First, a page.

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Cross-Visitation field notes, 3/6

dharris's picture


March 6th, 2013


Ms. Gander’s class – 5th grade music


I arrived for my visit with fairly few expectations, feeling open.  I knew I'd be with 5th graders (a new age group for me) and that we'd be doing music, and that was about it.  We jumped right in: the class entered, and Jim, my classmate, led them in an initial name game. The children went around in a circle and said their name along with a gesture (a swoop of the arm, a snap, jumping into in “x” shape, etc.).  Momentum built as they went around the circle; laughter bubbled up as the kids (obviously very comfortable with each other) shared nick-names, made gestures more active, and generally had a good time with it.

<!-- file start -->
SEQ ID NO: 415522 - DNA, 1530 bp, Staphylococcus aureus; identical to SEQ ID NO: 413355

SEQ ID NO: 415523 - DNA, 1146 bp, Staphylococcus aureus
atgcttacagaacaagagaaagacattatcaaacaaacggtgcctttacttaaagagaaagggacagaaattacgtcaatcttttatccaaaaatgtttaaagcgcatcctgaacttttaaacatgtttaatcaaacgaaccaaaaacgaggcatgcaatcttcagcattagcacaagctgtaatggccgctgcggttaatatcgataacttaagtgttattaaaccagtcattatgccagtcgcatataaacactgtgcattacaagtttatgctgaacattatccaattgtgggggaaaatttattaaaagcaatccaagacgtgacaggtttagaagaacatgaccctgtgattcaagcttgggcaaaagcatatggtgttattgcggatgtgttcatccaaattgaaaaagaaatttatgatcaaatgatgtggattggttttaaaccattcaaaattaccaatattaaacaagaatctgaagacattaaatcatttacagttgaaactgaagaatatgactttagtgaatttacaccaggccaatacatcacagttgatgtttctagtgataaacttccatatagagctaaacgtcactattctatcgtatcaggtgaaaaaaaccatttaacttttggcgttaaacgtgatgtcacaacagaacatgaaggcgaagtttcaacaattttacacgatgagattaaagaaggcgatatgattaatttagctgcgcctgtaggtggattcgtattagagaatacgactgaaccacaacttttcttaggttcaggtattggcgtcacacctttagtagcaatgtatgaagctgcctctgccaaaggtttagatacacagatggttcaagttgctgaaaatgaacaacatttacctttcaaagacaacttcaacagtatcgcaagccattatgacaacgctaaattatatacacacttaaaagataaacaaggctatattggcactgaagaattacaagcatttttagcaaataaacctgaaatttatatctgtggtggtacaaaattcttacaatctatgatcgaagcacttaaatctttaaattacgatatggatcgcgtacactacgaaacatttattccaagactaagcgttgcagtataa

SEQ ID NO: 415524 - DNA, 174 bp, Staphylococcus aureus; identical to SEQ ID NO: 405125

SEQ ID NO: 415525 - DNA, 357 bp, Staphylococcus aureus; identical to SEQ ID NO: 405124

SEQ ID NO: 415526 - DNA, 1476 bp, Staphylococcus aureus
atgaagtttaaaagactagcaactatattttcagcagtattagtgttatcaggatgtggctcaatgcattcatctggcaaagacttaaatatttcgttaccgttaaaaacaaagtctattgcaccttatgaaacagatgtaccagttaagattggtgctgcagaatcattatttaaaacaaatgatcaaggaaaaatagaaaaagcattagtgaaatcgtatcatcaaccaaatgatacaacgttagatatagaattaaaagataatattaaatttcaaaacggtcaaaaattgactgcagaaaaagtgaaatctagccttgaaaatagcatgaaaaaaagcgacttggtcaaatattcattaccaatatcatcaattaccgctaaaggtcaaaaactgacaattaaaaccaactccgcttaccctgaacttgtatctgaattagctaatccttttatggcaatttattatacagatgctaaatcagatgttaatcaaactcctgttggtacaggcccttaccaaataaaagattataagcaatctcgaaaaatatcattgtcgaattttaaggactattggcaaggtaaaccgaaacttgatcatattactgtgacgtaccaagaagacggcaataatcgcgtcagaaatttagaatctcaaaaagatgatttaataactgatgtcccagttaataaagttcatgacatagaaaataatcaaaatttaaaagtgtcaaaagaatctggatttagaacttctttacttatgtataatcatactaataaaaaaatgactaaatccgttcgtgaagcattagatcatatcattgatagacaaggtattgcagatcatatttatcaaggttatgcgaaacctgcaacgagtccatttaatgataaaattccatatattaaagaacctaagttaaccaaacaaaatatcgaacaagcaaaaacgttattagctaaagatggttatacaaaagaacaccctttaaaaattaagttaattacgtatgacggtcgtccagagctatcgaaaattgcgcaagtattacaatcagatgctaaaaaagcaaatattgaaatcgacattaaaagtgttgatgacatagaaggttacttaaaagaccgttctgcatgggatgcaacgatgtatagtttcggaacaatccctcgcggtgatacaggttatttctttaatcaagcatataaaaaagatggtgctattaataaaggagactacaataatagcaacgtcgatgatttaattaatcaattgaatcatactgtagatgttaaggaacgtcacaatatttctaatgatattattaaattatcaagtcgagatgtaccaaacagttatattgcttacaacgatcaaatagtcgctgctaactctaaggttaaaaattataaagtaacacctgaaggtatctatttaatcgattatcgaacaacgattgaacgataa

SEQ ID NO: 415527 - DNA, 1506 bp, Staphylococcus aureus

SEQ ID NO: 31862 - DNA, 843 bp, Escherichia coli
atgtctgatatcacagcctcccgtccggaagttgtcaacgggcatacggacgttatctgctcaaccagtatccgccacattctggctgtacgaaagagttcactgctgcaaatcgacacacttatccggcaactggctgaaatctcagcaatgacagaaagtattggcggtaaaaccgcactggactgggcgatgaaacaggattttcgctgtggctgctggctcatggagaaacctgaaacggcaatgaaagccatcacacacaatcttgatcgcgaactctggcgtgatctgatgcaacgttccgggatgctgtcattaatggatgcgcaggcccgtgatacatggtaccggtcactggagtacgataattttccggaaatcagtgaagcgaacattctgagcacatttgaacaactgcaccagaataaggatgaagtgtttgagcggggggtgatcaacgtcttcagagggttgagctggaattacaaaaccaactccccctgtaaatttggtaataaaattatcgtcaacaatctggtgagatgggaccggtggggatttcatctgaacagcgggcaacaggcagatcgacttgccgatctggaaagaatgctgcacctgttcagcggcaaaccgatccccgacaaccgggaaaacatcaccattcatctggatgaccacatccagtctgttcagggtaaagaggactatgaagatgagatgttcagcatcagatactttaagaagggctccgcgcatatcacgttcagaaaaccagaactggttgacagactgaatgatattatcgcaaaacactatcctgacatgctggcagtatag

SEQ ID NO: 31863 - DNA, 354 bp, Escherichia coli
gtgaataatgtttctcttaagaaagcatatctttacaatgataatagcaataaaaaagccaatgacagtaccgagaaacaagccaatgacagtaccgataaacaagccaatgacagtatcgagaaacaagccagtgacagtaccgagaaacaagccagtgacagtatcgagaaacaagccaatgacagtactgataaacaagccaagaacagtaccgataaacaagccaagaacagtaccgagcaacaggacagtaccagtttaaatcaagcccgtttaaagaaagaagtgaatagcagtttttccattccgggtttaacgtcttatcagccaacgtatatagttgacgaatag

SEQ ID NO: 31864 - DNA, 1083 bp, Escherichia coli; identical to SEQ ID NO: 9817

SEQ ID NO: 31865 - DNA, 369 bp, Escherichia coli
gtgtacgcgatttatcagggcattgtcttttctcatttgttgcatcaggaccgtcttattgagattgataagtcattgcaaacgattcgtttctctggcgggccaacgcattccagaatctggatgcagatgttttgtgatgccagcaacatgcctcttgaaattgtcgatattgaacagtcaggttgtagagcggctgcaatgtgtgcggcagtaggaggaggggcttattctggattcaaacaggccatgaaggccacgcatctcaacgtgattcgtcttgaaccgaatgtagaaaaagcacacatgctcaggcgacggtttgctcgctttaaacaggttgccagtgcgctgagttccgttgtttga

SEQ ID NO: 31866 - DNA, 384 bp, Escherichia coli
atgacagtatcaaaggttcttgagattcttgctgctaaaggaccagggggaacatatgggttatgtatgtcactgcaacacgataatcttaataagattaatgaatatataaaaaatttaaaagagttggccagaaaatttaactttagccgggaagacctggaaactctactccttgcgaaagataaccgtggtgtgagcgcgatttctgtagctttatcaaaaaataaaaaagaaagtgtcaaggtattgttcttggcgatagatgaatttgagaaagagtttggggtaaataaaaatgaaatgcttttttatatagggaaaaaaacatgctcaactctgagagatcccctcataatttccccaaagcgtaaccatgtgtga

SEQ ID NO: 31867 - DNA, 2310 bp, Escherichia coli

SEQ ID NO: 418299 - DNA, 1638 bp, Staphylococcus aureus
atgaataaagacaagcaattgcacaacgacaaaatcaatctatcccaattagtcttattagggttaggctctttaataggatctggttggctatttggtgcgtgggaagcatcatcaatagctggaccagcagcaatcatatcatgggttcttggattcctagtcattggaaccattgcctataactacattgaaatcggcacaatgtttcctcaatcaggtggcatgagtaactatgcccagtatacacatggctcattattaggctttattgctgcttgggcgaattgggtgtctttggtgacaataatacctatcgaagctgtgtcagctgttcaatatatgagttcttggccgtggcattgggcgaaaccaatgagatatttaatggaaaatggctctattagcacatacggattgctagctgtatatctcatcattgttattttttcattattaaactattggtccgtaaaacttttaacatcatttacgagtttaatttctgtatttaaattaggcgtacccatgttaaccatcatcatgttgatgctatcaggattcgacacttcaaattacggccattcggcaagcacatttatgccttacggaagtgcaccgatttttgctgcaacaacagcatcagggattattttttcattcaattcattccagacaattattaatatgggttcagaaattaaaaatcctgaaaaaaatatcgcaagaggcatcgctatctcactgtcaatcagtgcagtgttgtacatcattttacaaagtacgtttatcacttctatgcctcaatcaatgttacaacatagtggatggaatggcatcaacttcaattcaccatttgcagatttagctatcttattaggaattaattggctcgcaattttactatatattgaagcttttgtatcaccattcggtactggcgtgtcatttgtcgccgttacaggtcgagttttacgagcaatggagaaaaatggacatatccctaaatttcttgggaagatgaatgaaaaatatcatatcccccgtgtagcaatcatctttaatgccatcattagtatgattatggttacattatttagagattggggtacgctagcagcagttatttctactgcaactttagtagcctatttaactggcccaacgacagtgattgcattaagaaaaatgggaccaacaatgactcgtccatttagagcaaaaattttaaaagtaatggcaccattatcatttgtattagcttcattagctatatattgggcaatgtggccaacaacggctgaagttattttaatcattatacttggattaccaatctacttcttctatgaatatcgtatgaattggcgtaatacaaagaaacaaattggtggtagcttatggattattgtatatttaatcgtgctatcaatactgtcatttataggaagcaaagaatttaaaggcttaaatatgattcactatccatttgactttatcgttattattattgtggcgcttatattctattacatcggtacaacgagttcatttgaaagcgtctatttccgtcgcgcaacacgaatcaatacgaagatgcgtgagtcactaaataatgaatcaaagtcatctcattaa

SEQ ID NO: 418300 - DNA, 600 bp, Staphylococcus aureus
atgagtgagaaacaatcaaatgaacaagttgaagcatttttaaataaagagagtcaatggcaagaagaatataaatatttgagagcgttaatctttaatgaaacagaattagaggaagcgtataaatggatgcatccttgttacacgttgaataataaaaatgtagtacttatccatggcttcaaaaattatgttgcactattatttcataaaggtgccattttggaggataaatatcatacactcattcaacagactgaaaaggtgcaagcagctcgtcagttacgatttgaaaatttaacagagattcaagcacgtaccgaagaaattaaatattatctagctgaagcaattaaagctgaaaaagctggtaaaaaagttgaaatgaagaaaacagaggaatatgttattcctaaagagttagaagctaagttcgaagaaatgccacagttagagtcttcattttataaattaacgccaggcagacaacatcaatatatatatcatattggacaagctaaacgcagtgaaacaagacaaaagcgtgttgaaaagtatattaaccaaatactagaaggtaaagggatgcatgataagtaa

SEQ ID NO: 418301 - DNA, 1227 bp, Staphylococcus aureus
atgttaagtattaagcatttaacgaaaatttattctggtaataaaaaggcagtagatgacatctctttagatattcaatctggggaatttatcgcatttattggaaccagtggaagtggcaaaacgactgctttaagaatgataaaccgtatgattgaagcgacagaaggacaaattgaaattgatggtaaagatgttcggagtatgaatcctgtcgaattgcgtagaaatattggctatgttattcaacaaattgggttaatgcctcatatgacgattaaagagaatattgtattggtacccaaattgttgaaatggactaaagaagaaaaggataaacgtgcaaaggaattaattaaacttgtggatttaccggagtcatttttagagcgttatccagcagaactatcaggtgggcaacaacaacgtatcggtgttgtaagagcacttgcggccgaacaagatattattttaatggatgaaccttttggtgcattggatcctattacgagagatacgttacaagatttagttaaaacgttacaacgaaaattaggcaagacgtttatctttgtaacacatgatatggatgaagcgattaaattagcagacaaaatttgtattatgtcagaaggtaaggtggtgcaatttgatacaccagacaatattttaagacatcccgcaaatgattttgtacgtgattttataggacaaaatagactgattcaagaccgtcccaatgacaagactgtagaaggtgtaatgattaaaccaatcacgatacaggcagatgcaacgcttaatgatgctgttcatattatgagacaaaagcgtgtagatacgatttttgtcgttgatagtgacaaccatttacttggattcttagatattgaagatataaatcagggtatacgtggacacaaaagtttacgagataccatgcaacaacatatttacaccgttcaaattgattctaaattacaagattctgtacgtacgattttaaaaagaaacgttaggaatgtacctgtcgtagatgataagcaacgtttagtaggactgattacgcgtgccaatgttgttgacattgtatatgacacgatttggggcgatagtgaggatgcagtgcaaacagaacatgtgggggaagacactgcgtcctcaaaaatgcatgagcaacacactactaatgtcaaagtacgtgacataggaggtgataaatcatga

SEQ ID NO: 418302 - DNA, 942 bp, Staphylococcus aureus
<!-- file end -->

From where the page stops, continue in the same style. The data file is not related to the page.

Ms. G then did an exercise with a song called “Tumbai”.  She sang the melody out along with the words.  But she asked the children to count the number of times “tumbai” came up in the song.  This seemed strange to me at first, but then I began to realize: this was simply a method of getting the children to pay close attention to exactly what she was saying (content) and also implicitly hearing the musical goal (melody).  The song begins with “tumbai” repeated seven times, it then goes on to a melodic part with “fa” and “la” as the only syllables used.   It’s fairly challenging for me to get it the first time, but I, as well as most of the students, have it by the 3rd time around.  Now we’ve heard the song three times already, but we feel like we’re just getting a handle on it.  Only then does she explicitly mention melody (paraphrasing): “Now I’m going to sing the melody alone and you’re going to sing it back to me”.  She begins to do so and inevitably a child starts singing along at which point she stops and glares in that friendly, comfortable way that people who have known each other for a while can do.  “First just me.  No thank you.”  She sings.  The class sings.  She breaks it up into small sections (the first 2 bars, then the next 2, and so on).  Gradually, the number of off-pitch notes decreases, and the class becomes something of a chorus.